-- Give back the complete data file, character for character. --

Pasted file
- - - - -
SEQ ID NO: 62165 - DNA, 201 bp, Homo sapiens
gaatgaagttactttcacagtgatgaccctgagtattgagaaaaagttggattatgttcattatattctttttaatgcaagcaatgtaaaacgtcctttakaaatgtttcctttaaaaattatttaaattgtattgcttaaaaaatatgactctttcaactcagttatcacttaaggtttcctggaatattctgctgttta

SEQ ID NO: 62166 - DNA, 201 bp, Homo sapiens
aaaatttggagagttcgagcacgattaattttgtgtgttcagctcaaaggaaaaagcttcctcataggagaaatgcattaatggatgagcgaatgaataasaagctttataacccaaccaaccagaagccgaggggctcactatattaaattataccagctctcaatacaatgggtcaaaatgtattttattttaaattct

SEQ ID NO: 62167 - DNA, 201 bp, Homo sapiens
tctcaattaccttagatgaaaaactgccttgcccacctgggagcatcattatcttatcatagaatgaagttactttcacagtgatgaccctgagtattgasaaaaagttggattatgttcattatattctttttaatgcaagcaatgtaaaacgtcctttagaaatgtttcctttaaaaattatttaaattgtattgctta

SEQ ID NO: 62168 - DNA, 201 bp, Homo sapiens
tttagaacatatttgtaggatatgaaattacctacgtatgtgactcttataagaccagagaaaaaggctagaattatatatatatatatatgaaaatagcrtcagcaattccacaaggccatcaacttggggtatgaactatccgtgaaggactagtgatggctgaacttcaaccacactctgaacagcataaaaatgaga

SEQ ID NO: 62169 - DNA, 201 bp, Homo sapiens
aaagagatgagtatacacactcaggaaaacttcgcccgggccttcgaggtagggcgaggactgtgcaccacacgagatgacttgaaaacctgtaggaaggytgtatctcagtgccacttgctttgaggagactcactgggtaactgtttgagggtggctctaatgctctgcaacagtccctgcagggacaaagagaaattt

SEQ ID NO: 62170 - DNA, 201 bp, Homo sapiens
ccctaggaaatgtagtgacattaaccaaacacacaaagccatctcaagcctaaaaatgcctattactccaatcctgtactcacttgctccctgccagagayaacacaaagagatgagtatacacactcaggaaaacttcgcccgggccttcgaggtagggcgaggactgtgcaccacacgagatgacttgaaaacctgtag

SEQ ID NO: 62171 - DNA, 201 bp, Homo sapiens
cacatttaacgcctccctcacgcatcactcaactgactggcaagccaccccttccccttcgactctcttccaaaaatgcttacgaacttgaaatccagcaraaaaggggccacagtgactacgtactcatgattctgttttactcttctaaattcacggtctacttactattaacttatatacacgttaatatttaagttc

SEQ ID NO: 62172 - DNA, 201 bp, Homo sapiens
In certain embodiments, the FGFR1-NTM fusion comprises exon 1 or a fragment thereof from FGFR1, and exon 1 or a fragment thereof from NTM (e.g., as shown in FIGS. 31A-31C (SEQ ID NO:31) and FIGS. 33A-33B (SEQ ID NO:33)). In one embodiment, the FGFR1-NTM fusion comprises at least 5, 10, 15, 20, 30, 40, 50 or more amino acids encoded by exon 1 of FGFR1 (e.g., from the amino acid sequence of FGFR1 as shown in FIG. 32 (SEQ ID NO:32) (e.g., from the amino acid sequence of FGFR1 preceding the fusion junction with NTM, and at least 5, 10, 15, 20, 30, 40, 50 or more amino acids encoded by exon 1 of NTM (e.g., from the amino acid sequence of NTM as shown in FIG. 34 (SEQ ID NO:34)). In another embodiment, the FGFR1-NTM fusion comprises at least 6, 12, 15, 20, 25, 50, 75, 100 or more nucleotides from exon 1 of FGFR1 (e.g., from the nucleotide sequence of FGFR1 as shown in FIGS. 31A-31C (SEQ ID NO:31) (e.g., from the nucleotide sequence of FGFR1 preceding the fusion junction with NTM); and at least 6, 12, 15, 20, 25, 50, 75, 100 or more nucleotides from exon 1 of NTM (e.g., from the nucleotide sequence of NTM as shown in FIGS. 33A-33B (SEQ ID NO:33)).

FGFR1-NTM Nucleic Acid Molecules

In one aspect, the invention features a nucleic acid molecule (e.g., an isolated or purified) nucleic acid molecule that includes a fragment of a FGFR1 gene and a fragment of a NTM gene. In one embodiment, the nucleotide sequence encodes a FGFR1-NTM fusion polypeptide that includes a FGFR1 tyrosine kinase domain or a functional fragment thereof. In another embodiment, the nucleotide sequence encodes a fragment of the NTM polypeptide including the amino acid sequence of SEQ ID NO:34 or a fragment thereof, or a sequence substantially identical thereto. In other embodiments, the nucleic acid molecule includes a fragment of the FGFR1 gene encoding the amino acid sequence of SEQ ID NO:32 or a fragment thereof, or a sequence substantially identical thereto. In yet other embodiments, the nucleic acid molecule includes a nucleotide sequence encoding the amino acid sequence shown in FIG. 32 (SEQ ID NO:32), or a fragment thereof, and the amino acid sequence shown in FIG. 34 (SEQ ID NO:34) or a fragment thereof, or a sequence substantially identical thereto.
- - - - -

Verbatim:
SEQ ID NO: 62165 - DNA, 201 bp, Homo sapiens
gaatgaagttactttcacagtgatgaccctgagtattgagaaaaagttggattatgttcattatattctttttaatgcaagcaatgtaaaacgtcctttakaaatgtttcctttaaaaattatttaaattgtattgcttaaaaaatatgactctttcaactcagttatcacttaaggtttcctggaatattctgctgttta

SEQ ID NO: 62166 - DNA, 201 bp, Homo sapiens
aaaatttggagagttcgagcacgattaattttgtgtgttcagctcaaaggaaaaagcttcctcataggagaaatgcattaatggatgagcgaatgaataasaagctttataacccaaccaaccagaagccgaggggctcactatattaaattataccagctctcaatacaatgggtcaaaatgtattttattttaaattct

SEQ ID NO: 62167 - DNA, 201 bp, Homo sapiens
tctcaattaccttagatgaaaaactgccttgcccacctgggagcatcattatcttatcatagaatgaagttactttcacagtgatgaccctgagtattgasaaaaagttggattatgttcattatattctttttaatgcaagcaatgtaaaacgtcctttagaaatgtttcctttaaaaattatttaaattgtattgctta

SEQ ID NO: 62168 - DNA, 201 bp, Homo sapiens
tttagaacatatttgtaggatatgaaattacctacgtatgtgactcttataagaccagagaaaaaggctagaattatatatatatatatatgaaaatagcrtcagcaattccacaaggccatcaacttggggtatgaactatccgtgaaggactagtgatggctgaacttcaaccacactctgaacagcataaaaatgaga

SEQ ID NO: 62169 - DNA, 201 bp, Homo sapiens
aaagagatgagtatacacactcaggaaaacttcgcccgggccttcgaggtagggcgaggactgtgcaccacacgagatgacttgaaaacctgtaggaaggytgtatctcagtgccacttgctttgaggagactcactgggtaactgtttgagggtggctctaatgctctgcaacagtccctgcagggacaaagagaaattt

SEQ ID NO: 62170 - DNA, 201 bp, Homo sapiens
ccctaggaaatgtagtgacattaaccaaacacacaaagccatctcaagcctaaaaatgcctattactccaatcctgtactcacttgctccctgccagagayaacacaaagagatgagtatacacactcaggaaaacttcgcccgggccttcgaggtagggcgaggactgtgcaccacacgagatgacttgaaaacctgtag

SEQ ID NO: 62171 - DNA, 201 bp, Homo sapiens
cacatttaacgcctccctcacgcatcactcaactgactggcaagccaccccttccccttcgactctcttccaaaaatgcttacgaacttgaaatccagcaraaaaggggccacagtgactacgtactcatgattctgttttactcttctaaattcacggtctacttactattaacttatatacacgttaatatttaagttc

SEQ ID NO: 62172 - DNA, 201 bp, Homo sapiens
In certain embodiments, the FGFR1-NTM fusion comprises exon 1 or a fragment thereof from FGFR1, and exon 1 or a fragment thereof from NTM (e.g., as shown in FIGS. 31A-31C (SEQ ID NO:31) and FIGS. 33A-33B (SEQ ID NO:33)). In one embodiment, the FGFR1-NTM fusion comprises at least 5, 10, 15, 20, 30, 40, 50 or more amino acids encoded by exon 1 of FGFR1 (e.g., from the amino acid sequence of FGFR1 as shown in FIG. 32 (SEQ ID NO:32) (e.g., from the amino acid sequence of FGFR1 preceding the fusion junction with NTM, and at least 5, 10, 15, 20, 30, 40, 50 or more amino acids encoded by exon 1 of NTM (e.g., from the amino acid sequence of NTM as shown in FIG. 34 (SEQ ID NO:34)). In another embodiment, the FGFR1-NTM fusion comprises at least 6, 12, 15, 20, 25, 50, 75, 100 or more nucleotides from exon 1 of FGFR1 (e.g., from the nucleotide sequence of FGFR1 as shown in FIGS. 31A-31C (SEQ ID NO:31) (e.g., from the nucleotide sequence of FGFR1 preceding the fusion junction with NTM); and at least 6, 12, 15, 20, 25, 50, 75, 100 or more nucleotides from exon 1 of NTM (e.g., from the nucleotide sequence of NTM as shown in FIGS. 33A-33B (SEQ ID NO:33)).

FGFR1-NTM Nucleic Acid Molecules

In one aspect, the invention features a nucleic acid molecule (e.g., an isolated or purified) nucleic acid molecule that includes a fragment of a FGFR1 gene and a fragment of a NTM gene. In one embodiment, the nucleotide sequence encodes a FGFR1-NTM fusion polypeptide that includes a FGFR1 tyrosine kinase domain or a functional fragment thereof. In another embodiment, the nucleotide sequence encodes a fragment of the NTM polypeptide including the amino acid sequence of SEQ ID NO:34 or a fragment thereof, or a sequence substantially identical thereto. In other embodiments, the nucleic acid molecule includes a fragment of the FGFR1 gene encoding the amino acid sequence of SEQ ID NO:32 or a fragment thereof, or a sequence substantially identical thereto. In yet other embodiments, the nucleic acid molecule includes a nucleotide sequence encoding the amino acid sequence shown in FIG. 32 (SEQ ID NO:32), or a fragment thereof, and the amino acid sequence shown in FIG. 34 (SEQ ID NO:34) or a fragment thereof, or a sequence substantially identical thereto.